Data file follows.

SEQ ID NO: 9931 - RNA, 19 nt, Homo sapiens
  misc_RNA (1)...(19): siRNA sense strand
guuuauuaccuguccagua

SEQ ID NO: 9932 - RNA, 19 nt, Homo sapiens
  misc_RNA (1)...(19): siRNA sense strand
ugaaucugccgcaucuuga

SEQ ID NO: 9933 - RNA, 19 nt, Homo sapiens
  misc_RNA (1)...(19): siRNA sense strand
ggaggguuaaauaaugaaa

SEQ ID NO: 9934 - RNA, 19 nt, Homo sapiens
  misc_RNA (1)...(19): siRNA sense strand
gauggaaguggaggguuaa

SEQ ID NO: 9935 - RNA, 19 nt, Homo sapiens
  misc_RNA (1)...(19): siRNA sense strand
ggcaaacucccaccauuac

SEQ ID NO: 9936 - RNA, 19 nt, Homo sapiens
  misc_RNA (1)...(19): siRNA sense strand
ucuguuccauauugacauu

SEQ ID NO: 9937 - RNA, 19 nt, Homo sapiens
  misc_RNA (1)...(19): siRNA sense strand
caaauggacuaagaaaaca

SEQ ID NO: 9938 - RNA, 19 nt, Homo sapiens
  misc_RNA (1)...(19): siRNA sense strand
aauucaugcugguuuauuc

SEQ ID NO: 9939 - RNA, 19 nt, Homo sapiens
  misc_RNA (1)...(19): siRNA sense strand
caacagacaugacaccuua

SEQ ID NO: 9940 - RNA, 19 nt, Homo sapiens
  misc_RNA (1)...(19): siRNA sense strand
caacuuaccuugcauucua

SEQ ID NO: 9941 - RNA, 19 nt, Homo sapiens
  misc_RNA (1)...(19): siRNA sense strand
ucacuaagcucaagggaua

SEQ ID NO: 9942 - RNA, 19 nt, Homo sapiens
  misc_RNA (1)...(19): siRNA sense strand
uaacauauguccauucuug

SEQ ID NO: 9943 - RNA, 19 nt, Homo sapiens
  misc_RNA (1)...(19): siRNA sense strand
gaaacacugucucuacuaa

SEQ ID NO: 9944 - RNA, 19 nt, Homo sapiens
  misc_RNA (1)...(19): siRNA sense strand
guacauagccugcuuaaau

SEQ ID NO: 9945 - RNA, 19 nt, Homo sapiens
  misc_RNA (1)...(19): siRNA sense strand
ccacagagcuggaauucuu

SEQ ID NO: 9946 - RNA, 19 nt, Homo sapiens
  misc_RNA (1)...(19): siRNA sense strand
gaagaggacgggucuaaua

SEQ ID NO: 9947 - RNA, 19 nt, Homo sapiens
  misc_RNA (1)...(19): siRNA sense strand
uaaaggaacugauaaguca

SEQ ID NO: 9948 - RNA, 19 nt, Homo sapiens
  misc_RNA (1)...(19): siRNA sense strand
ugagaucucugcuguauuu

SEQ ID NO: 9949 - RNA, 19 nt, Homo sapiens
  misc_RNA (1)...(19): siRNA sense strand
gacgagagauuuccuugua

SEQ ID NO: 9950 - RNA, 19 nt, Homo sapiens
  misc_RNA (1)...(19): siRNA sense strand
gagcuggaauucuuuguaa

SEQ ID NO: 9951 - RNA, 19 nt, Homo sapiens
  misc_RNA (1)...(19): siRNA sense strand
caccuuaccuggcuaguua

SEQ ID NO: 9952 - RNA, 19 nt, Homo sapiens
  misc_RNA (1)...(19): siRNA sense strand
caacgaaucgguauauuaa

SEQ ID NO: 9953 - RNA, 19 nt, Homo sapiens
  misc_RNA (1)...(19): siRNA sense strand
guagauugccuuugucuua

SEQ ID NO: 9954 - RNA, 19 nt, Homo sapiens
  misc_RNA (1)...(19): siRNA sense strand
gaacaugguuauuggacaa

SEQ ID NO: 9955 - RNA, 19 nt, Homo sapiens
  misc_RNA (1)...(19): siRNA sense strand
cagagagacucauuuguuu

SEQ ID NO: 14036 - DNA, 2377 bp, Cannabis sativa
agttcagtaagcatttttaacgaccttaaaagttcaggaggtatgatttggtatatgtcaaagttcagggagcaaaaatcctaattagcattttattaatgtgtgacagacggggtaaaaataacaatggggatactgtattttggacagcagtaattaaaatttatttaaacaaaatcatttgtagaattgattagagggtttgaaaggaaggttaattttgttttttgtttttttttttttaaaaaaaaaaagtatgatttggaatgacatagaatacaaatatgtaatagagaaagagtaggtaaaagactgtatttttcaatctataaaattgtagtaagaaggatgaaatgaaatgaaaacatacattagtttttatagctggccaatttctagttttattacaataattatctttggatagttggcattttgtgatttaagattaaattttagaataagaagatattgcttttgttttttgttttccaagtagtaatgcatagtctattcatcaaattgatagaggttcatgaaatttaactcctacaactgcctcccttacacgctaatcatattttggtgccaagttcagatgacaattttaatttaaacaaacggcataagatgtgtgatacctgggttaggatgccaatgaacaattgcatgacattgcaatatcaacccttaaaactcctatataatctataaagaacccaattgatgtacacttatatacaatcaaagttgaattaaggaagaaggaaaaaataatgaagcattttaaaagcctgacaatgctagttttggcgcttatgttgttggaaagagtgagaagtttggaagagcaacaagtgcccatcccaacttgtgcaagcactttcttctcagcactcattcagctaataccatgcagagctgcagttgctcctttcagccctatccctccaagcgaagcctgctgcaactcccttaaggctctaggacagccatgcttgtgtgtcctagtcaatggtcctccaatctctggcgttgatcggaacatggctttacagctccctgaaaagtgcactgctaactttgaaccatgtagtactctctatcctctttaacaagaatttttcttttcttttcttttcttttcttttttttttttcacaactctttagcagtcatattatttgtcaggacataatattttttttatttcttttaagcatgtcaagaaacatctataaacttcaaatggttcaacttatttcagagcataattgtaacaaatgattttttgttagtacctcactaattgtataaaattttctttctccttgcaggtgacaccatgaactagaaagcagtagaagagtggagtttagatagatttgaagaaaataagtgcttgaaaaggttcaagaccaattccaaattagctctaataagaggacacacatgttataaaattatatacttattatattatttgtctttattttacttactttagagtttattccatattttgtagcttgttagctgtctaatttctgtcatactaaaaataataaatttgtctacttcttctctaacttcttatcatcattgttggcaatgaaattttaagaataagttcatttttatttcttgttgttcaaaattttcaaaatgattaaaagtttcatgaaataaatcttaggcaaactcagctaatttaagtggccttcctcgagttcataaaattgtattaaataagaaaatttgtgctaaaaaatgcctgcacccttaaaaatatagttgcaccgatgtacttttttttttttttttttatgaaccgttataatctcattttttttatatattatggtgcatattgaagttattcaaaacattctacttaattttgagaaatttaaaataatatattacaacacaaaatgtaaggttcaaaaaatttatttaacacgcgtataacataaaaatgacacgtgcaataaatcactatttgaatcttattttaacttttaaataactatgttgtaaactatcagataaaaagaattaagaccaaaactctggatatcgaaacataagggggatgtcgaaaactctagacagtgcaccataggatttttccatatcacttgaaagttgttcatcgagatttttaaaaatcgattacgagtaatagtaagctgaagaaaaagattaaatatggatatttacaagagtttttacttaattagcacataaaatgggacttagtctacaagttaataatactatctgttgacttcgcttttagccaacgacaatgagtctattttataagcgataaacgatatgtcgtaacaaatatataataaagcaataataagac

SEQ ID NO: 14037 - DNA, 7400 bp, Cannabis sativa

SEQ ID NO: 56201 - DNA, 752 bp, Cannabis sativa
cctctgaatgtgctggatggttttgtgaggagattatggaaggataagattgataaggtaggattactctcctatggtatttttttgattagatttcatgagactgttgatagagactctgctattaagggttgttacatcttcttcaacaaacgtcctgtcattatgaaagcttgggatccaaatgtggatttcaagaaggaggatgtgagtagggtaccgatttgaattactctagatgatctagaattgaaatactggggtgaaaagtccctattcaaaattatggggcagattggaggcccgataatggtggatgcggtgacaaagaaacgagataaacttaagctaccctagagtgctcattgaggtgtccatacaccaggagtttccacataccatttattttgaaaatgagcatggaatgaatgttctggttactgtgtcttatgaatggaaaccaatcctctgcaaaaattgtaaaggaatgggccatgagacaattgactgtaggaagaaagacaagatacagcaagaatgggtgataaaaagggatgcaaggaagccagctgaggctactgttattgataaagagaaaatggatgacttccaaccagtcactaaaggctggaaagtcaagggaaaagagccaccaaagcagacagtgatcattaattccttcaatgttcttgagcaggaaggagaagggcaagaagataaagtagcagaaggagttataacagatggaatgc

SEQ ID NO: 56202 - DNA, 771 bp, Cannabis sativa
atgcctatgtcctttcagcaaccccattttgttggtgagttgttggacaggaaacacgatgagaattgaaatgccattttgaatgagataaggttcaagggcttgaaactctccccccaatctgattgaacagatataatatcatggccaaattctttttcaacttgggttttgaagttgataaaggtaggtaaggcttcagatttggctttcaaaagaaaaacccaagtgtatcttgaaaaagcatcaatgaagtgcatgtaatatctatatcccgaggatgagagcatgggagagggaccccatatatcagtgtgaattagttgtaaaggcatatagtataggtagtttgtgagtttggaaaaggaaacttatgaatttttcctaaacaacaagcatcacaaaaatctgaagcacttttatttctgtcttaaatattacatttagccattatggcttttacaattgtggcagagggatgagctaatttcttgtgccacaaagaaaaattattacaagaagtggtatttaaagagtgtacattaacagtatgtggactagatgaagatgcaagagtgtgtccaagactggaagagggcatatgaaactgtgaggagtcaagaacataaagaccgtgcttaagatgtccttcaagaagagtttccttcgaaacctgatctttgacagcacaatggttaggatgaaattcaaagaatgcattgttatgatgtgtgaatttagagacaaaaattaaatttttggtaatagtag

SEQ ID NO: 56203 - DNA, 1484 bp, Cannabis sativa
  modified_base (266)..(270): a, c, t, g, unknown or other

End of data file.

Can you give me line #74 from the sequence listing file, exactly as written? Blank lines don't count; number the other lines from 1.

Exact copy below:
  misc_RNA (1)...(19): siRNA sense strand